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nificent dimensions, rivalled only by the Caledonian canal. The work was completed by the labour of 250,000 men, put in' requisition from all Egypt ; a month's pay being given in advance. In consequence, our author found the harbour of Alexandria crowded with vessels sent for cargoes of corn. By the interference of the British government, European vessels are now admitted to the safe and commodious western harbour of Alexandria, from which they were formerly excluded. By the same influence, Christians now enjoy the privilege of riding on horseback throughout the land of Egypt. The Pacha has established steam-boats on the Nile,-a grand improvement in navigation, and which cannot but be highly advantageous. He has also introduced the cultivation and manufacture of sugar and cotton. His valour has been distinguished in his wars with the Wahabees, as well as by his recovery of the holy cities of Mecca and Medina. Under his protecting power, life and property are safe; but he is far from being fully enlightened in matters of political economy; and his personal purchase of corn, and sale of it to the European merchants, is an interference in commerce unbecoming a great ruler, and must necessarily lead to the oppression of his people.

Mr. Wilson seems anxious that this Pacha should become the independent sovereign of Egypt; and that, by the aid of British power, he should establish an hereditary dynasty. This, in some degree, is accomplished ; and, in the present state of the Turkish empire, it seems good policy that a barrier should be erected in Egypt, to prevent the country from falling into the hands of the French or Russians, who might endanger our possessions in India.

The author, in the course of his journey, ever keeps in view the coincidence of the manners of the present orientals, with the accounts we find in the sacred Scriptures. Numerous references are given to texts of Scripture at the foot of the page. We wish he had preferred quoting the words at length, and had occasionally incorporated them with the text, because it would not have interrupted the reading by a searching for the passages referred to.

The journey through Palestine, and the description of the holy places usually visited, are interesting. We, however, consider it not a little remarkable, that the author should take no notice of the holy sepulchre until after his return from a long journey to the Dead Sea. The Governor of Samaria behaved with great insolence; to check which in future, our author made a journey to Damascus, to complain to the Pacha. His complaint was immediately attended to, and a Tartar sent off in consequence; but of the actual result we are not informed. Of the Turks in general he entertains a decided abhorrence. cordially join with him in his sympathy for the Greeks; and lay down his book with feelings of respect for the honest piety and zeal of its author.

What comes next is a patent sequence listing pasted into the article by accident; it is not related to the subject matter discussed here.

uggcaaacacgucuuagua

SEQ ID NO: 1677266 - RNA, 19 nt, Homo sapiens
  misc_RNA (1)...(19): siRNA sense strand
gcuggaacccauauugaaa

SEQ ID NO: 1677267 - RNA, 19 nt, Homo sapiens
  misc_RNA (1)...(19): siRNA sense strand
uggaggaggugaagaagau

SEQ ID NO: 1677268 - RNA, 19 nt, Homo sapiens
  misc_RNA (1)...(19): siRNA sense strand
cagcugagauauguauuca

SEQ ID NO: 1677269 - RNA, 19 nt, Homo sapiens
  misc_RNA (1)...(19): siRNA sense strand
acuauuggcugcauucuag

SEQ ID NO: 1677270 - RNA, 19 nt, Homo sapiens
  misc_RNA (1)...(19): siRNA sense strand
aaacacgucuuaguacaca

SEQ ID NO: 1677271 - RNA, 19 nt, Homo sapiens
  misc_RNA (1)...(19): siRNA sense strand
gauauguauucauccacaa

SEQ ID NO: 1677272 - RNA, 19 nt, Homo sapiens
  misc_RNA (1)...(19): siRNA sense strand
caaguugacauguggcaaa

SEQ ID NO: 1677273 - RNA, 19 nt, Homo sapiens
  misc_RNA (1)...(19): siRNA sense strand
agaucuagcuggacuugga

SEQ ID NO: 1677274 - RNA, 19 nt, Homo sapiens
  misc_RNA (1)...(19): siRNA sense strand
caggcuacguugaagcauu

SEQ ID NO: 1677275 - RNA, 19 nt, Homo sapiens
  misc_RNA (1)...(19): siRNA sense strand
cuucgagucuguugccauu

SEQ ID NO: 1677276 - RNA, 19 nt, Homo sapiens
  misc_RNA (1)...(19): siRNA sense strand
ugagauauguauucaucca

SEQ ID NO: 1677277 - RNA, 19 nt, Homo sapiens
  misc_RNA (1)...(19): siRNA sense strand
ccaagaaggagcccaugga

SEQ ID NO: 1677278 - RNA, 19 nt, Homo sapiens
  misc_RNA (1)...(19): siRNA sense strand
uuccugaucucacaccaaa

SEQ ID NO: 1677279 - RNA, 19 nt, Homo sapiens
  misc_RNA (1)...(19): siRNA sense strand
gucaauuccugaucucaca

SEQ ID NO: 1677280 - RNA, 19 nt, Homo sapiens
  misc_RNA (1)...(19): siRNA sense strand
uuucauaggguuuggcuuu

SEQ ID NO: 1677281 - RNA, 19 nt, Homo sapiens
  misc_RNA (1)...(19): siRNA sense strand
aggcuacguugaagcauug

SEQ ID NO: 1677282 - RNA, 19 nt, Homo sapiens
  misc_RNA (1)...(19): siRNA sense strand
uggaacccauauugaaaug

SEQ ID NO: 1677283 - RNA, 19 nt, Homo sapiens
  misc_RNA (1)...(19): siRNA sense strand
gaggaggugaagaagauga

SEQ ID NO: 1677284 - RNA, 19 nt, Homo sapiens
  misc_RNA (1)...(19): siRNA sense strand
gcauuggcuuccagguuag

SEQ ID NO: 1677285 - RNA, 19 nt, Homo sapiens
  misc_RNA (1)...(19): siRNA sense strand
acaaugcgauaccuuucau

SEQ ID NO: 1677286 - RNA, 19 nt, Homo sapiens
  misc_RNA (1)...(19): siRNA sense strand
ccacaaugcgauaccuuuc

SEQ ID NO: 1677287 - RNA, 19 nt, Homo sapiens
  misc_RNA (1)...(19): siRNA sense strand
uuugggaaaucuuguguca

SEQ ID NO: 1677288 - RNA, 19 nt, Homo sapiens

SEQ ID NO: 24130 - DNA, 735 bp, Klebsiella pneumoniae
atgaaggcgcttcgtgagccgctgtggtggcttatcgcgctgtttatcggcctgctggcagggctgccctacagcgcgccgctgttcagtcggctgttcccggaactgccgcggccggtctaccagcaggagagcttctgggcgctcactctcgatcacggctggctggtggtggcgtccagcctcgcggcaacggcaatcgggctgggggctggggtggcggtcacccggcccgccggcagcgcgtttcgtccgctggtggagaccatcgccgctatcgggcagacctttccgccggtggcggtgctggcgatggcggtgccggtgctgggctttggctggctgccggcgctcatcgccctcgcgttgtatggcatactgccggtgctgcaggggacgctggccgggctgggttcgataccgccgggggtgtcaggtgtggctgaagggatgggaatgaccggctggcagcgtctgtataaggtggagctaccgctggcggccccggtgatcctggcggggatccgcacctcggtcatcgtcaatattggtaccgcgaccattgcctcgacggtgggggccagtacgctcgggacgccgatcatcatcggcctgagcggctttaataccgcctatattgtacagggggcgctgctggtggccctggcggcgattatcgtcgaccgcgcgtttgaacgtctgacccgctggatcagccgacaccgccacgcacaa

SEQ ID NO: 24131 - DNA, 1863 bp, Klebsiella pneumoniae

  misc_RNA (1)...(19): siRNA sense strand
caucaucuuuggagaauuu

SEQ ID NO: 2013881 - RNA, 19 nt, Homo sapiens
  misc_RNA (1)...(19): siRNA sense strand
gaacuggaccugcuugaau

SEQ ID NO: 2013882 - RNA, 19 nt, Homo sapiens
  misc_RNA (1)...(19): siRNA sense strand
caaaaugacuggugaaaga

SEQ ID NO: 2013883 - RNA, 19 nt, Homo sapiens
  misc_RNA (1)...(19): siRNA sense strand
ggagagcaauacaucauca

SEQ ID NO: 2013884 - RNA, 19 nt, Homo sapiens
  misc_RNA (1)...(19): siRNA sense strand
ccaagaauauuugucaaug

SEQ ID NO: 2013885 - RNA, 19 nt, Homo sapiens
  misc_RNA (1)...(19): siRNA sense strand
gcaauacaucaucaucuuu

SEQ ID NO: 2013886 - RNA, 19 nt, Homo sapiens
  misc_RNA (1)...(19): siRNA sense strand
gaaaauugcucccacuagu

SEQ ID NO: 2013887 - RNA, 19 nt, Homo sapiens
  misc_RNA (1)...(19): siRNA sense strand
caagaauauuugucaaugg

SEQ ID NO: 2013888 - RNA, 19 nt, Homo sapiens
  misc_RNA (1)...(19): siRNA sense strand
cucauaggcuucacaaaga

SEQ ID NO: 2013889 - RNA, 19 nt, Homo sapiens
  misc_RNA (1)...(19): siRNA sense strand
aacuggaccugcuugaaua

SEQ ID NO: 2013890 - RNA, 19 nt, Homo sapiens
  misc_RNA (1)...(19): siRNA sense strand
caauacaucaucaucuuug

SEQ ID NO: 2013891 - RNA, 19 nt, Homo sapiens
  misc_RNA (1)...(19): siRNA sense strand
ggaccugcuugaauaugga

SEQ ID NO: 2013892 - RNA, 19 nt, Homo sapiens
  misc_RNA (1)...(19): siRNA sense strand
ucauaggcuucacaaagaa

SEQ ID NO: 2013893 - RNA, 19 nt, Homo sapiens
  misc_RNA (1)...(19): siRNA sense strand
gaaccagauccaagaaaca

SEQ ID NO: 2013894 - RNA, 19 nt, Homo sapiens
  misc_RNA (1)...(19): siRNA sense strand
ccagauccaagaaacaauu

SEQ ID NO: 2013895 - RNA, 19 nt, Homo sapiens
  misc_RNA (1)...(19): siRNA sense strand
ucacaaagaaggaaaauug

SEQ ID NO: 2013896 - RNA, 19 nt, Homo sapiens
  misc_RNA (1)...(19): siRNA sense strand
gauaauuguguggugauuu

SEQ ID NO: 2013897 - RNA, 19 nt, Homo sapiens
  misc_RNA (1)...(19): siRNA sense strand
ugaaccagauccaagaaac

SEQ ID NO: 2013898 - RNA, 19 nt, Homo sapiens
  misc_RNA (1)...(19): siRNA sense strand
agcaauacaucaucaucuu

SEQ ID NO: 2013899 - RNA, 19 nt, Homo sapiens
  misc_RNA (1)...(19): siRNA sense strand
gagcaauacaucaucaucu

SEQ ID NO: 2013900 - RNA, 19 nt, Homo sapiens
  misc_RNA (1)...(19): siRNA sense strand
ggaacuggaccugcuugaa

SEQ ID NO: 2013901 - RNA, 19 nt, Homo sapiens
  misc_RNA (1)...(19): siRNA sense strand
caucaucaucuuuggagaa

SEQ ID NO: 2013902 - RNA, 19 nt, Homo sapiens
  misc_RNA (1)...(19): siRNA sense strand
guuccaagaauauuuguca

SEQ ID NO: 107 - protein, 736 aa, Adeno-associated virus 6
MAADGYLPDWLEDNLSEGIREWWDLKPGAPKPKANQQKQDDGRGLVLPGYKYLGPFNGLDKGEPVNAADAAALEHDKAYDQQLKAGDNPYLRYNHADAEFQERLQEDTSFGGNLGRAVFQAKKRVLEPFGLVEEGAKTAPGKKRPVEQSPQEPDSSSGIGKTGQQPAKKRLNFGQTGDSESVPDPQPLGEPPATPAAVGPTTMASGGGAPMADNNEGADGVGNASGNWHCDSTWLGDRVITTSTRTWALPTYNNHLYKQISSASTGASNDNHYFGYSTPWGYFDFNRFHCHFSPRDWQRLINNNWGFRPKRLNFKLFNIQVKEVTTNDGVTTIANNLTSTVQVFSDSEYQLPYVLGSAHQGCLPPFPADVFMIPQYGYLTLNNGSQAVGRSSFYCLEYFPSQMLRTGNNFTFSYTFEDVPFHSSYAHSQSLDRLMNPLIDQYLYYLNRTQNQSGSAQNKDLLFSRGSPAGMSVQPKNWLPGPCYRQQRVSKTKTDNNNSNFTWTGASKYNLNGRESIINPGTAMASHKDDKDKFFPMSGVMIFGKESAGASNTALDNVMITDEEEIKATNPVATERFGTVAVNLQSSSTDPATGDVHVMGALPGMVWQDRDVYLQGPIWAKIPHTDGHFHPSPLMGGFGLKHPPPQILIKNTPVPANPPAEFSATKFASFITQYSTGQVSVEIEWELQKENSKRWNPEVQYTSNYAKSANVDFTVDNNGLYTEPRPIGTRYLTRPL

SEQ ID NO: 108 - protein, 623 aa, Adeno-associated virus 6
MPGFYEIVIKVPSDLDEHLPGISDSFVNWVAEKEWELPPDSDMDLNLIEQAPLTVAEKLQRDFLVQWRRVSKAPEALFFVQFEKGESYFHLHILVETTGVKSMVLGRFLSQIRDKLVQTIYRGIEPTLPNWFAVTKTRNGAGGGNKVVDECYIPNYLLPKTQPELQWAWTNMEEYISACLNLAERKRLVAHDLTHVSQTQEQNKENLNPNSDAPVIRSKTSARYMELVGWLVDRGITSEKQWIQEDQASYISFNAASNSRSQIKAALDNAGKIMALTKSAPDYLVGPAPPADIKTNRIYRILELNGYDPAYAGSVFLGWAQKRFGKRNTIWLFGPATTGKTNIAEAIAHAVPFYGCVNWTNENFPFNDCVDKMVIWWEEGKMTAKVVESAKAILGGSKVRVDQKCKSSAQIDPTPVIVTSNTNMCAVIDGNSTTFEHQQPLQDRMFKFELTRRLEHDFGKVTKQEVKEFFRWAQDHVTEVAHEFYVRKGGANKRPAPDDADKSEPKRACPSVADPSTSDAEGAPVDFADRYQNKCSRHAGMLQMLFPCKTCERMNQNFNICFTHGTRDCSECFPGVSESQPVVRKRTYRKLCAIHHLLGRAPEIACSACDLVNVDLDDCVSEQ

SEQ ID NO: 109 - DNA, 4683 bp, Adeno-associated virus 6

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Scenes and Impressions in Egypt and in Italy. By the Author of

Sketches of India, and Recollections of the Peninsula."-8vo. pp.

452. 12s. Longman and Co. This is the work of a master hand; the author leaves Madras, in an Arab vessel, for Arabia, along the coast of which he proceeds, land

ing at various towns, and then crosses to Djidda, on the Egyptian side of the Red Sea. He thence traverses the desert to Egypt, visits the ruins of Thebes, Dendera, the Pyramids, Grand Caur, and Alexandria. From that town he proceeds to Candia, thence to Malta; from Malta he goes to Syracuse; makes the tour of Sicily; sails from Messina to Naples; and proceeds to Rome, Florence, Venice, Milan, and thence to England. The scenes and impressions are those of a complete moving panorama; the reader fancies himself in the place of the author, and seems to see every thing pass before him. The feelings occasionally expressed, indicate the true English character, -the friend of religion, and of human liberty. The latter portion of the book is, perhaps, tess interesting, from our being so much more familiar with the objects described, than with those of the earlier part of the work; where all is so eligible, it is difficult to select; but the following extract will exhibit the manner of the anthor: